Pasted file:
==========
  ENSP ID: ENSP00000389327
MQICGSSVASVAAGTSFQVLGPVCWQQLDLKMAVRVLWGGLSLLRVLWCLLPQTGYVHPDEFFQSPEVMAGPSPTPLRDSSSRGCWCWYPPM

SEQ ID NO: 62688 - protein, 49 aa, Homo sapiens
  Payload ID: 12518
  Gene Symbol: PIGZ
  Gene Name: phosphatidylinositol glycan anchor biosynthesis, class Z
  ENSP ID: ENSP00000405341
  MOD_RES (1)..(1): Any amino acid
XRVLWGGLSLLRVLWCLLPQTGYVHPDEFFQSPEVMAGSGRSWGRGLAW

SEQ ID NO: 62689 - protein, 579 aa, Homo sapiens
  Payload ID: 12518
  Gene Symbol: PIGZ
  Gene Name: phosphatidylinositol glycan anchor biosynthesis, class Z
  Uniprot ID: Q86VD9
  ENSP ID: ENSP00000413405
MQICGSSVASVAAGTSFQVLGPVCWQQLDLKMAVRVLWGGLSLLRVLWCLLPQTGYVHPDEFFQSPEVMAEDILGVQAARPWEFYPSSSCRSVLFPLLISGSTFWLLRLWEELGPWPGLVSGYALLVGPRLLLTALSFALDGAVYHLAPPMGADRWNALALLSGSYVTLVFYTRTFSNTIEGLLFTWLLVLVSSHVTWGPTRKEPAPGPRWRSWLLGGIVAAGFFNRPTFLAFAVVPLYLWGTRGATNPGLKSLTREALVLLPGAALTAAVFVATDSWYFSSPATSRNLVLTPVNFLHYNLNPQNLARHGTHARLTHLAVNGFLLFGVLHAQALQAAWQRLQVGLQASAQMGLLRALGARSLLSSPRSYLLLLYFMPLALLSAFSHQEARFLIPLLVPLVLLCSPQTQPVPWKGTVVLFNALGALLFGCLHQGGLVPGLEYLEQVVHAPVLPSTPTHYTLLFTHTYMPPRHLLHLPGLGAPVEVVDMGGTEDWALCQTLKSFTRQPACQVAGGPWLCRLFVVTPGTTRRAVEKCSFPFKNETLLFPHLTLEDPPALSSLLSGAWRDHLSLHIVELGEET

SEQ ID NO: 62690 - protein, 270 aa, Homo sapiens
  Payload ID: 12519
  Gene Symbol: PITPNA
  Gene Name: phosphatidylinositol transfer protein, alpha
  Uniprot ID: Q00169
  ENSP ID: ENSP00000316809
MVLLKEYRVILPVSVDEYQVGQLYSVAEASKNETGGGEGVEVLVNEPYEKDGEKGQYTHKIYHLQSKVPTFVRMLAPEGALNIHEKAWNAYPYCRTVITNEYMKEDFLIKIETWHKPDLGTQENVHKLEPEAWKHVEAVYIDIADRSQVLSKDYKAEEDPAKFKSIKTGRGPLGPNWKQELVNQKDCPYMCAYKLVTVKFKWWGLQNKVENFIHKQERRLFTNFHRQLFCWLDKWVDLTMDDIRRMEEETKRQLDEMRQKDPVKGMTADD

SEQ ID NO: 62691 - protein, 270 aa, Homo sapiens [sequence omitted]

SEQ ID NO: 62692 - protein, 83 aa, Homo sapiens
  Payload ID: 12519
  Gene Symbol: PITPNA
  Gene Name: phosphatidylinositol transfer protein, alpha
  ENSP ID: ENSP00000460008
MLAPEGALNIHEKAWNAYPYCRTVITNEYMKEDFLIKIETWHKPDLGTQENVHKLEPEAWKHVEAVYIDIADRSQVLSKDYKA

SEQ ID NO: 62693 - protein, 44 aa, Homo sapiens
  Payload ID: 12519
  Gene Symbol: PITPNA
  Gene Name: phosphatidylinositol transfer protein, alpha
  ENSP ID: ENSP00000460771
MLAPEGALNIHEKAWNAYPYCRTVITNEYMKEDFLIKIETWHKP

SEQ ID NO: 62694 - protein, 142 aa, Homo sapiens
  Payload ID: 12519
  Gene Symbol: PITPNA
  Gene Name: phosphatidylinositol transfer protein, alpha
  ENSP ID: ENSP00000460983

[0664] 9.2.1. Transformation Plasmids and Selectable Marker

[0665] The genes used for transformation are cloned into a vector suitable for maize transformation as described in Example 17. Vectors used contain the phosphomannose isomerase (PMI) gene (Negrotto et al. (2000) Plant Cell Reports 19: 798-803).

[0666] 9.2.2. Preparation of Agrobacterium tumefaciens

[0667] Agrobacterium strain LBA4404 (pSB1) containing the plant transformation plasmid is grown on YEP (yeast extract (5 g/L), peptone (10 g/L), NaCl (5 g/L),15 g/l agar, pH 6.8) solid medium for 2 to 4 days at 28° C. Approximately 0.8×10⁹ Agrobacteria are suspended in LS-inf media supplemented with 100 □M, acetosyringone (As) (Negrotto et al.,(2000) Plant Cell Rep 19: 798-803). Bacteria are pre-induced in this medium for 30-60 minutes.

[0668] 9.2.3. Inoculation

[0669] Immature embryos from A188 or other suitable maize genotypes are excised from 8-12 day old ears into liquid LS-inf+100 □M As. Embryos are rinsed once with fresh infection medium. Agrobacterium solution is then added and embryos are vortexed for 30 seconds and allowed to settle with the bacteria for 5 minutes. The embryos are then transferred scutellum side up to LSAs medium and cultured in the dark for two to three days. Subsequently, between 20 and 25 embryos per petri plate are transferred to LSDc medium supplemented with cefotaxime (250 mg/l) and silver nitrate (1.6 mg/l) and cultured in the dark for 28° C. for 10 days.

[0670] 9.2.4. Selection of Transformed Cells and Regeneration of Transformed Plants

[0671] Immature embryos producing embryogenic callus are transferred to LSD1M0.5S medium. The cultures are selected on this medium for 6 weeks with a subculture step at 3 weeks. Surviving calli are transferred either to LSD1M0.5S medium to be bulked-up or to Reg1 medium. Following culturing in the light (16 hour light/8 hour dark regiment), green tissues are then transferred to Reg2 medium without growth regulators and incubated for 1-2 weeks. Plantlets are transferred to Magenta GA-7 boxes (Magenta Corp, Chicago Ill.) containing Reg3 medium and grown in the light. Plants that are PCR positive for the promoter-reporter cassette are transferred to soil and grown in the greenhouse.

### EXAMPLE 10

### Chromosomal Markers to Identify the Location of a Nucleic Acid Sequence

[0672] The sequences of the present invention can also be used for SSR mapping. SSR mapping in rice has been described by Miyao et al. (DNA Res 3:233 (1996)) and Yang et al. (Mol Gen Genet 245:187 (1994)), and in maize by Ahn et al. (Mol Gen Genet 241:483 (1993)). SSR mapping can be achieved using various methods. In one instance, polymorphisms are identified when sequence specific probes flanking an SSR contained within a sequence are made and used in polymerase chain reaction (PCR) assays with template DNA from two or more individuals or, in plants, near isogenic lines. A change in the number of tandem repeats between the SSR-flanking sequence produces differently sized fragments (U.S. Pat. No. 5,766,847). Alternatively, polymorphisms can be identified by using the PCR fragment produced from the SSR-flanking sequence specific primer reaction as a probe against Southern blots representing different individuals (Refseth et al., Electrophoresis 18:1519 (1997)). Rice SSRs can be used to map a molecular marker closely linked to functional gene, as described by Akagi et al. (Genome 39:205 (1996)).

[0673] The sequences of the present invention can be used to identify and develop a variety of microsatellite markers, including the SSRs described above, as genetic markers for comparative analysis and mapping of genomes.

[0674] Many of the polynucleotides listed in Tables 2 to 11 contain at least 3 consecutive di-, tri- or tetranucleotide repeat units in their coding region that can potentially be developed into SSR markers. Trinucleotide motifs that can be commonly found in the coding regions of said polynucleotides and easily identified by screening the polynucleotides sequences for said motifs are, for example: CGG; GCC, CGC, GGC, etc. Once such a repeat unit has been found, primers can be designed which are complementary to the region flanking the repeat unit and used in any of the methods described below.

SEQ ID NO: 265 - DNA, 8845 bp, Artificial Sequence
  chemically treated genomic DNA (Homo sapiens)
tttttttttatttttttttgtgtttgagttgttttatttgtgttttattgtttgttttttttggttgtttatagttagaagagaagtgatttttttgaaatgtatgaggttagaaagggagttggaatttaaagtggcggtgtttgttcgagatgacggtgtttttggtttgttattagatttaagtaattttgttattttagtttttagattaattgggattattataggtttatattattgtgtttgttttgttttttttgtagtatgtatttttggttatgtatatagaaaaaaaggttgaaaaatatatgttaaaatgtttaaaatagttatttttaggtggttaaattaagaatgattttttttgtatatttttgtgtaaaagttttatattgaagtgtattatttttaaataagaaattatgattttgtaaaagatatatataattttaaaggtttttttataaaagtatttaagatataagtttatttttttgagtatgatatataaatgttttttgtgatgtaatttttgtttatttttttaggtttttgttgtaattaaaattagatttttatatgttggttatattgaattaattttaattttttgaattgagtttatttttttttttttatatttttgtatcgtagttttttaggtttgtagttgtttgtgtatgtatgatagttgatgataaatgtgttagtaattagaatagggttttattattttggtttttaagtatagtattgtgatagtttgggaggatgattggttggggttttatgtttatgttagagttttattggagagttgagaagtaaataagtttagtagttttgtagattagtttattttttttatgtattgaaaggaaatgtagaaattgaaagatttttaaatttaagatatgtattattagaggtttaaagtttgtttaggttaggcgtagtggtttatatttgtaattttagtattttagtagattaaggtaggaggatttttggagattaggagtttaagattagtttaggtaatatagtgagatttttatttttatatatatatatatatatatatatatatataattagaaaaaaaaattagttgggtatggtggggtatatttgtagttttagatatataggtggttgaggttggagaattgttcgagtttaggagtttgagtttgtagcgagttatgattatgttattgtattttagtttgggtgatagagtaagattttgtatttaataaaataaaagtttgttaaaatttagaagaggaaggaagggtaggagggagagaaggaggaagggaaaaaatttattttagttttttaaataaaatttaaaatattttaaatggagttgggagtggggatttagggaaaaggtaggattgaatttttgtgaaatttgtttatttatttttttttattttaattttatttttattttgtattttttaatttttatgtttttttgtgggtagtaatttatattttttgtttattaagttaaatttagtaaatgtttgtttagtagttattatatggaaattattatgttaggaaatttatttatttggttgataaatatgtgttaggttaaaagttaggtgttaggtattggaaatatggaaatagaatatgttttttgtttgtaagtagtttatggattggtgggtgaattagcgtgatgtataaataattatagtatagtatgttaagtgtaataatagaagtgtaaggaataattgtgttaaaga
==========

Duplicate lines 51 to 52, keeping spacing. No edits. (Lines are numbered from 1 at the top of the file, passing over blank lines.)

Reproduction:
### Chromosomal Markers to Identify the Location of a Nucleic Acid Sequence

[0672] The sequences of the present invention can also be used for SSR mapping. SSR mapping in rice has been described by Miyao et al. (DNA Res 3:233 (1996)) and Yang et al. (Mol Gen Genet 245:187 (1994)), and in maize by Ahn et al. (Mol Gen Genet 241:483 (1993)). SSR mapping can be achieved using various methods. In one instance, polymorphisms are identified when sequence specific probes flanking an SSR contained within a sequence are made and used in polymerase chain reaction (PCR) assays with template DNA from two or more individuals or, in plants, near isogenic lines. A change in the number of tandem repeats between the SSR-flanking sequence produces differently sized fragments (U.S. Pat. No. 5,766,847). Alternatively, polymorphisms can be identified by using the PCR fragment produced from the SSR-flanking sequence specific primer reaction as a probe against Southern blots representing different individuals (Refseth et al., Electrophoresis 18:1519 (1997)). Rice SSRs can be used to map a molecular marker closely linked to functional gene, as described by Akagi et al. (Genome 39:205 (1996)).